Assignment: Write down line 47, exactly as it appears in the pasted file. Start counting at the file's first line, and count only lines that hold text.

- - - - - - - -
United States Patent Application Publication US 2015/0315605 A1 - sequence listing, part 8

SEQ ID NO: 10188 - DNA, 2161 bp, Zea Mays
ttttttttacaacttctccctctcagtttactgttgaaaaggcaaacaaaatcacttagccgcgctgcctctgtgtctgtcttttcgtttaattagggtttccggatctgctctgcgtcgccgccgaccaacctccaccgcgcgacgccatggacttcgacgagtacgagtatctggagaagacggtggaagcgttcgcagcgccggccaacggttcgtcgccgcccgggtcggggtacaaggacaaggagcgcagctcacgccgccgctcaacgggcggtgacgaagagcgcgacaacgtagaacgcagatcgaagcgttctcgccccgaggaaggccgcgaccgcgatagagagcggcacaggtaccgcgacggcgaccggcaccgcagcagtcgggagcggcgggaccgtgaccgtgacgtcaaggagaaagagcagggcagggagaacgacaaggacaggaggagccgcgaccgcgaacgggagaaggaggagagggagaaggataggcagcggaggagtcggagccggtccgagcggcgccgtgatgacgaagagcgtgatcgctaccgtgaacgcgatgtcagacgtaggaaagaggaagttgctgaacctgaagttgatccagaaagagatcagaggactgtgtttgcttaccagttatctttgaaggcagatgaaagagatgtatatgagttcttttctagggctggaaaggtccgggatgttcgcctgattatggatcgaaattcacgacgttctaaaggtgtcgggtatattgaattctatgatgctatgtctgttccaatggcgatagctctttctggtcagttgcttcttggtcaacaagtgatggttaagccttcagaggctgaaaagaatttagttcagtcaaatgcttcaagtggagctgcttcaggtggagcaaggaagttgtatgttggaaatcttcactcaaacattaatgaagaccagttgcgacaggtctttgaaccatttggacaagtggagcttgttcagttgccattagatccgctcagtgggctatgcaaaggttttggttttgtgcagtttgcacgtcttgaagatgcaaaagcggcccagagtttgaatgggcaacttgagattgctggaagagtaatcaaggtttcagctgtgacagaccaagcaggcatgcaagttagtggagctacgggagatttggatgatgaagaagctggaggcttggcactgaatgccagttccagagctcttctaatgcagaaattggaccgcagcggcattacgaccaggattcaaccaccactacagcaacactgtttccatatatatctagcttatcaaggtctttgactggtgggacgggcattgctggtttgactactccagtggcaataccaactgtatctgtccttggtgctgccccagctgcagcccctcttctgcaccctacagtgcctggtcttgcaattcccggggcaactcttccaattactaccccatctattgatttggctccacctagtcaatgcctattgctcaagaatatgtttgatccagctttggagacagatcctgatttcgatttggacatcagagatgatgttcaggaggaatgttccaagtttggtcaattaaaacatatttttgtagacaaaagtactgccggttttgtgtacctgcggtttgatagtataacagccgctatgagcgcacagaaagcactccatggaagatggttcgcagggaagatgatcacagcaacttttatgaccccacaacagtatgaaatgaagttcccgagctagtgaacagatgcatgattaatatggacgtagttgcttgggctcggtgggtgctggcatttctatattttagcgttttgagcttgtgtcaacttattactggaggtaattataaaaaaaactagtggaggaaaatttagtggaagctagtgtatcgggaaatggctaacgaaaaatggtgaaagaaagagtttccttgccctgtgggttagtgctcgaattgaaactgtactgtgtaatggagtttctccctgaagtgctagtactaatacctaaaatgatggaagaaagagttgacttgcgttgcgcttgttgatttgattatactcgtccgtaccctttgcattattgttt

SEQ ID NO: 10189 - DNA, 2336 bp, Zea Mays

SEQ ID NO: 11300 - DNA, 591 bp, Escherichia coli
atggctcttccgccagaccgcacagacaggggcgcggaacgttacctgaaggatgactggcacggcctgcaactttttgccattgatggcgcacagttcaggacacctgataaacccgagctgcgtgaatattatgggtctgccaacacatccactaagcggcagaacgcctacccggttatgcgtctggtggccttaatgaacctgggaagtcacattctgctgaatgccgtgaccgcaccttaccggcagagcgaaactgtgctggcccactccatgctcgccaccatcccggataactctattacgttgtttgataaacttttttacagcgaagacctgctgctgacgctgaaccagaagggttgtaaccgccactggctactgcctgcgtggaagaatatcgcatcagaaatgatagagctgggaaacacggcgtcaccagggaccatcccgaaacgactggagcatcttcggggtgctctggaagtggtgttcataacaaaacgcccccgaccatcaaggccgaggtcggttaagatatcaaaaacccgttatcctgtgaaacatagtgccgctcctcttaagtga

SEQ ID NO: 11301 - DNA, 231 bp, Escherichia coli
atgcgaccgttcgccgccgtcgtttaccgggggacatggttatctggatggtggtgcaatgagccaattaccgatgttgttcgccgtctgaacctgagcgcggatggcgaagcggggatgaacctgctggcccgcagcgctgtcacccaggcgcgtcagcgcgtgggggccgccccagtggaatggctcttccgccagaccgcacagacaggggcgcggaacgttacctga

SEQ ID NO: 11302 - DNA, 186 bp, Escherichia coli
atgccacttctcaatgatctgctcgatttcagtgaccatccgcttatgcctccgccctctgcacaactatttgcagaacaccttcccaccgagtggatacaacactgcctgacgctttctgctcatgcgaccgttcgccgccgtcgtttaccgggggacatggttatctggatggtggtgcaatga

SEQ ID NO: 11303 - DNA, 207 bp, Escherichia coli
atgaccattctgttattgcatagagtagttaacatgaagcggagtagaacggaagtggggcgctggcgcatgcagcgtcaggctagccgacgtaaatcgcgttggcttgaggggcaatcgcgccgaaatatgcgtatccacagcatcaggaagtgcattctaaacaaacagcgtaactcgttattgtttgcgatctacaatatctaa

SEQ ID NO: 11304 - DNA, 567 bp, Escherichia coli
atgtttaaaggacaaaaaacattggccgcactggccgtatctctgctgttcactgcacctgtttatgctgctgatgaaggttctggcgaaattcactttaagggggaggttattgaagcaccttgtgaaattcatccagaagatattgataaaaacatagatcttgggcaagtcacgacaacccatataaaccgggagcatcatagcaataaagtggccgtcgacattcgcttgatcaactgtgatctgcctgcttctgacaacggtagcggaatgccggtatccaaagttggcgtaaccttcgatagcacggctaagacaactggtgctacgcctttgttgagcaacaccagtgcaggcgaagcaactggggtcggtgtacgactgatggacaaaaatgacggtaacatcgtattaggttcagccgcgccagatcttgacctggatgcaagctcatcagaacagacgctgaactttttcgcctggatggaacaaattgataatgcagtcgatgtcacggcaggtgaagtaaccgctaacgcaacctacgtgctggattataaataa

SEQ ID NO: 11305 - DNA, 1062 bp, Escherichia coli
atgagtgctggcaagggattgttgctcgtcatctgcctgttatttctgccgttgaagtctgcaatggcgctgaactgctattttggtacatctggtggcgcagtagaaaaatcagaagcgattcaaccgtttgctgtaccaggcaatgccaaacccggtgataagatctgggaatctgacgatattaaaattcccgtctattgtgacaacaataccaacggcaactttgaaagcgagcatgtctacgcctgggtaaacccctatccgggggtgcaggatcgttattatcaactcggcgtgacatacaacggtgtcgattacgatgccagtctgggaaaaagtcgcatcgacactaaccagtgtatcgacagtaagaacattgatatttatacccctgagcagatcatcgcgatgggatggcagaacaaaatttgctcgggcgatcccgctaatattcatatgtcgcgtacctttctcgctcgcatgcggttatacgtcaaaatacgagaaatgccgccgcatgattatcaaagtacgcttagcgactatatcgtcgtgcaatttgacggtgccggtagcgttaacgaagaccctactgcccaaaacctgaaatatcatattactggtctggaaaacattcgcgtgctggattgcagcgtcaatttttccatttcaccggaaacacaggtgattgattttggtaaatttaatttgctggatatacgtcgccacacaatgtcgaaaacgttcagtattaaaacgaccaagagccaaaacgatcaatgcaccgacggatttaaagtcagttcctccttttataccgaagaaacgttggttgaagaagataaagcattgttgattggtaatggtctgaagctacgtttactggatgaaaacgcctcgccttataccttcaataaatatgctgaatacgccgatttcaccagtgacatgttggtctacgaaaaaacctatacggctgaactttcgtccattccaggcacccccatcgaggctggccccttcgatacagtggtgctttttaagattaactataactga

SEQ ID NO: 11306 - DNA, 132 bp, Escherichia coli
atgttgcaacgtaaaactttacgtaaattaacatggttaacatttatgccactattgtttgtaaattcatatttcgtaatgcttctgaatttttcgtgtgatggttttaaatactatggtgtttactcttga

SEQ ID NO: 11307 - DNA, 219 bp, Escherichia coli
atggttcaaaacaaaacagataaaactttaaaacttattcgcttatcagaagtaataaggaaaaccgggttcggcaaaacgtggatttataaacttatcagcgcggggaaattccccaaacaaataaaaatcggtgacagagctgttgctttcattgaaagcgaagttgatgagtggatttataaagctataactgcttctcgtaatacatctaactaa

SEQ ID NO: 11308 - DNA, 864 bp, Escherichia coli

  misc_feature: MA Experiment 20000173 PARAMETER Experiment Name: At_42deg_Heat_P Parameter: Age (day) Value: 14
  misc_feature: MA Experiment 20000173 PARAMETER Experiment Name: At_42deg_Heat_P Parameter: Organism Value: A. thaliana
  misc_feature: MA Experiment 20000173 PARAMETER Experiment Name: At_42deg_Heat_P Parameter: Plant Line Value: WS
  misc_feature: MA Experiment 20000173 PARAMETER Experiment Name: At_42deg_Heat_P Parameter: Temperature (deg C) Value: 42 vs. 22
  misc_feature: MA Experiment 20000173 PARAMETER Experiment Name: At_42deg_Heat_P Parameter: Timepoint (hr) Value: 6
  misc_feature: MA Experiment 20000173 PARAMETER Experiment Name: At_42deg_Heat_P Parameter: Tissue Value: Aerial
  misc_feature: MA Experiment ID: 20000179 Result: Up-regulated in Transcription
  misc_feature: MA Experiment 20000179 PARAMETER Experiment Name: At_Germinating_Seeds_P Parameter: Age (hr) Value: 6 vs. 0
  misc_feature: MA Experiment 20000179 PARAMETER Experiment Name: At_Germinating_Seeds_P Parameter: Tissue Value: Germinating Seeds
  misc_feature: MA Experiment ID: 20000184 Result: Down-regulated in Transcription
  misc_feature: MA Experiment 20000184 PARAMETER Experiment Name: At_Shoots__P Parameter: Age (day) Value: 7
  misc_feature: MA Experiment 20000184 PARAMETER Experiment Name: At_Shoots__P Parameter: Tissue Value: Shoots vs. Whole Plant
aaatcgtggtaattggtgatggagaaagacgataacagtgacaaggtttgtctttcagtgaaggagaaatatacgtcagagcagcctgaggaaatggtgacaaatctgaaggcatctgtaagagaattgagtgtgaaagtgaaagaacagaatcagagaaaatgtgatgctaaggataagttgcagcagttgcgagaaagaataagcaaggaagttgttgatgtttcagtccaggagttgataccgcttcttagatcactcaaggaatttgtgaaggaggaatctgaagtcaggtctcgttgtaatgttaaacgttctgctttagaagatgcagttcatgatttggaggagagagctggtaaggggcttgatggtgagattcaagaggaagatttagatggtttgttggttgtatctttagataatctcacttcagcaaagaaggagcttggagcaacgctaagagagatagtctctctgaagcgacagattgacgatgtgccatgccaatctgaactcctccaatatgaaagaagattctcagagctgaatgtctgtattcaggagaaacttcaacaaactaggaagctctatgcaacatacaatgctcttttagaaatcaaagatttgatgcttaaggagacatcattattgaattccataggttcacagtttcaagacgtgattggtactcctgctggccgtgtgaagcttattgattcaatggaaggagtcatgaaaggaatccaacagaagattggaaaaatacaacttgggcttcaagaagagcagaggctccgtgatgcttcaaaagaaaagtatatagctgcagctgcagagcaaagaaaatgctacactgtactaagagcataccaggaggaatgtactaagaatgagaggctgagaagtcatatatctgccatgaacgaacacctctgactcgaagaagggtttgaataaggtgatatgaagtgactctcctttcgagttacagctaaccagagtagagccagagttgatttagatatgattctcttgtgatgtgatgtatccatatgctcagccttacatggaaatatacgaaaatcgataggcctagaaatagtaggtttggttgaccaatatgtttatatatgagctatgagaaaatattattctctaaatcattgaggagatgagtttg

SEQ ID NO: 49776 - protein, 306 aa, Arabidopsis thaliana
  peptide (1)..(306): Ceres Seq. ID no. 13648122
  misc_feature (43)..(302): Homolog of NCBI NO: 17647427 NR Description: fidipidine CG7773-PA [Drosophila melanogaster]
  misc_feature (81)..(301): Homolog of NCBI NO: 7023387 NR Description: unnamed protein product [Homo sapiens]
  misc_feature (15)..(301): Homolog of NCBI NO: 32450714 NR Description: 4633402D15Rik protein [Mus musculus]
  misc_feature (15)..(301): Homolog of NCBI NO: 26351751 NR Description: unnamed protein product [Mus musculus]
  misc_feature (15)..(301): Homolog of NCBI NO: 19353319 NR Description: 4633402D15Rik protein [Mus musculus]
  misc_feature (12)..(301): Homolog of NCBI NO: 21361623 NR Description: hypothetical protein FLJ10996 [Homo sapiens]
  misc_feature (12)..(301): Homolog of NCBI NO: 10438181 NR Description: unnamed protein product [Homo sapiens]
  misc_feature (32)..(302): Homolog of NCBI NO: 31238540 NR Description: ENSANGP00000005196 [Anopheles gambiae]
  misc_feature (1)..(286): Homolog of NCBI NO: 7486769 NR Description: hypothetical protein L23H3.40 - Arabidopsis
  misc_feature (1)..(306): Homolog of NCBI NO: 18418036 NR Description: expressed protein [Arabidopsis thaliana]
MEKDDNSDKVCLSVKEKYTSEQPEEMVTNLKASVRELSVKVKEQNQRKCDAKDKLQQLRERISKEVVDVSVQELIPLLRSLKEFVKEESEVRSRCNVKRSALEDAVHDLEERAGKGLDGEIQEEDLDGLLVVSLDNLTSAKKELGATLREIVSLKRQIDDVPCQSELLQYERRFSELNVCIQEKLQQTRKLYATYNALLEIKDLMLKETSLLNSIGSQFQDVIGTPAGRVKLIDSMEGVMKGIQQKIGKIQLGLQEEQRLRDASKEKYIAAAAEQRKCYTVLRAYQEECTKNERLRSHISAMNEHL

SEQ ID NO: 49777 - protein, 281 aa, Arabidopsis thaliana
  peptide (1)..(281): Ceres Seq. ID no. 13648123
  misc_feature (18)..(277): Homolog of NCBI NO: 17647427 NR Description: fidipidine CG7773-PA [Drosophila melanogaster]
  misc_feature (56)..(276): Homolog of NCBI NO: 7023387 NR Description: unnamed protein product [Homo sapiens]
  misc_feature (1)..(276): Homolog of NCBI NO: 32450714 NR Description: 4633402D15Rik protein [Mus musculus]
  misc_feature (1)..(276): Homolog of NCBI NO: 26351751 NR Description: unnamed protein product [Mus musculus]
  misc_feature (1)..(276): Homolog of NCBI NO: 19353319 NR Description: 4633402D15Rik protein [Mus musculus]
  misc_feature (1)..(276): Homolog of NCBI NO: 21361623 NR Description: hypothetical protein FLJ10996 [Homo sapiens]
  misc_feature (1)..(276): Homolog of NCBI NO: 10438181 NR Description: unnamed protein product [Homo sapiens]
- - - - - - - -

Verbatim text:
MEKDDNSDKVCLSVKEKYTSEQPEEMVTNLKASVRELSVKVKEQNQRKCDAKDKLQQLRERISKEVVDVSVQELIPLLRSLKEFVKEESEVRSRCNVKRSALEDAVHDLEERAGKGLDGEIQEEDLDGLLVVSLDNLTSAKKELGATLREIVSLKRQIDDVPCQSELLQYERRFSELNVCIQEKLQQTRKLYATYNALLEIKDLMLKETSLLNSIGSQFQDVIGTPAGRVKLIDSMEGVMKGIQQKIGKIQLGLQEEQRLRDASKEKYIAAAAEQRKCYTVLRAYQEECTKNERLRSHISAMNEHL